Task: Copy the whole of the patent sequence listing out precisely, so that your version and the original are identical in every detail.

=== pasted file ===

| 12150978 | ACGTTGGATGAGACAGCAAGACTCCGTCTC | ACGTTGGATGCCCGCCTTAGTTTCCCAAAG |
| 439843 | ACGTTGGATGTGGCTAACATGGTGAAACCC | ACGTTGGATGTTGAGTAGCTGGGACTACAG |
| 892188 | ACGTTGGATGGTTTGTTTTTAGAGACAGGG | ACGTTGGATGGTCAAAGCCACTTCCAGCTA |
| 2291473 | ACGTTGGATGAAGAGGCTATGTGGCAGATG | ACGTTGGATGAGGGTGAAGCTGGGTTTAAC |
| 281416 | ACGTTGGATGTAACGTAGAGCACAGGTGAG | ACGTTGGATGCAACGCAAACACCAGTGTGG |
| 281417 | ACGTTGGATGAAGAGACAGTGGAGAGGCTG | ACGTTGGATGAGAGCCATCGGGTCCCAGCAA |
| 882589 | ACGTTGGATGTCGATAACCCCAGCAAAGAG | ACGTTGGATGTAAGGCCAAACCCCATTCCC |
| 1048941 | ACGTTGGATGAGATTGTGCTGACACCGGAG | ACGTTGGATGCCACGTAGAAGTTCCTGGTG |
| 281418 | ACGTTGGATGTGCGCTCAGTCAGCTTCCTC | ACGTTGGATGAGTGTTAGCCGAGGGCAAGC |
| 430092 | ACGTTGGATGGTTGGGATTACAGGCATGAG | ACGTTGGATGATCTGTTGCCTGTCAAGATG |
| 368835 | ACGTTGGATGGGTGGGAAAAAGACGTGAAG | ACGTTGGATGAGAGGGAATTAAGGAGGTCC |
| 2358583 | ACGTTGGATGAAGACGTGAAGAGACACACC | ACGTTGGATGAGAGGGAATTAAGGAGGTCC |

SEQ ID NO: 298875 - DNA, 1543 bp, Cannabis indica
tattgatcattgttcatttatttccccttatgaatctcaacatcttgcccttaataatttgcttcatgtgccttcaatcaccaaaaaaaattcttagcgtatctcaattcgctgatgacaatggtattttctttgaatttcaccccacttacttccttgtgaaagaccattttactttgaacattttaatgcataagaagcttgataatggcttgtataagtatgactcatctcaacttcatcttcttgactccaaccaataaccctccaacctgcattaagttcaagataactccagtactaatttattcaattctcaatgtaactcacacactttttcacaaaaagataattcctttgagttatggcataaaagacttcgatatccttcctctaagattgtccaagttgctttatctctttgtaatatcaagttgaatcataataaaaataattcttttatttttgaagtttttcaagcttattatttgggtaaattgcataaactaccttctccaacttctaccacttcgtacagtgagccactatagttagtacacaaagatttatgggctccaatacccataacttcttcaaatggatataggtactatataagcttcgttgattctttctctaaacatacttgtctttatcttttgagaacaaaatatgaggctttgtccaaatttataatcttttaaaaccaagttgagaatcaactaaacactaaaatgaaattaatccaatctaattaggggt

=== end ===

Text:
| 12150978 | ACGTTGGATGAGACAGCAAGACTCCGTCTC | ACGTTGGATGCCCGCCTTAGTTTCCCAAAG |
| 439843 | ACGTTGGATGTGGCTAACATGGTGAAACCC | ACGTTGGATGTTGAGTAGCTGGGACTACAG |
| 892188 | ACGTTGGATGGTTTGTTTTTAGAGACAGGG | ACGTTGGATGGTCAAAGCCACTTCCAGCTA |
| 2291473 | ACGTTGGATGAAGAGGCTATGTGGCAGATG | ACGTTGGATGAGGGTGAAGCTGGGTTTAAC |
| 281416 | ACGTTGGATGTAACGTAGAGCACAGGTGAG | ACGTTGGATGCAACGCAAACACCAGTGTGG |
| 281417 | ACGTTGGATGAAGAGACAGTGGAGAGGCTG | ACGTTGGATGAGAGCCATCGGGTCCCAGCAA |
| 882589 | ACGTTGGATGTCGATAACCCCAGCAAAGAG | ACGTTGGATGTAAGGCCAAACCCCATTCCC |
| 1048941 | ACGTTGGATGAGATTGTGCTGACACCGGAG | ACGTTGGATGCCACGTAGAAGTTCCTGGTG |
| 281418 | ACGTTGGATGTGCGCTCAGTCAGCTTCCTC | ACGTTGGATGAGTGTTAGCCGAGGGCAAGC |
| 430092 | ACGTTGGATGGTTGGGATTACAGGCATGAG | ACGTTGGATGATCTGTTGCCTGTCAAGATG |
| 368835 | ACGTTGGATGGGTGGGAAAAAGACGTGAAG | ACGTTGGATGAGAGGGAATTAAGGAGGTCC |
| 2358583 | ACGTTGGATGAAGACGTGAAGAGACACACC | ACGTTGGATGAGAGGGAATTAAGGAGGTCC |

SEQ ID NO: 298875 - DNA, 1543 bp, Cannabis indica
tattgatcattgttcatttatttccccttatgaatctcaacatcttgcccttaataatttgcttcatgtgccttcaatcaccaaaaaaaattcttagcgtatctcaattcgctgatgacaatggtattttctttgaatttcaccccacttacttccttgtgaaagaccattttactttgaacattttaatgcataagaagcttgataatggcttgtataagtatgactcatctcaacttcatcttcttgactccaaccaataaccctccaacctgcattaagttcaagataactccagtactaatttattcaattctcaatgtaactcacacactttttcacaaaaagataattcctttgagttatggcataaaagacttcgatatccttcctctaagattgtccaagttgctttatctctttgtaatatcaagttgaatcataataaaaataattcttttatttttgaagtttttcaagcttattatttgggtaaattgcataaactaccttctccaacttctaccacttcgtacagtgagccactatagttagtacacaaagatttatgggctccaatacccataacttcttcaaatggatataggtactatataagcttcgttgattctttctctaaacatacttgtctttatcttttgagaacaaaatatgaggctttgtccaaatttataatcttttaaaaccaagttgagaatcaactaaacactaaaatgaaattaatccaatctaattaggggt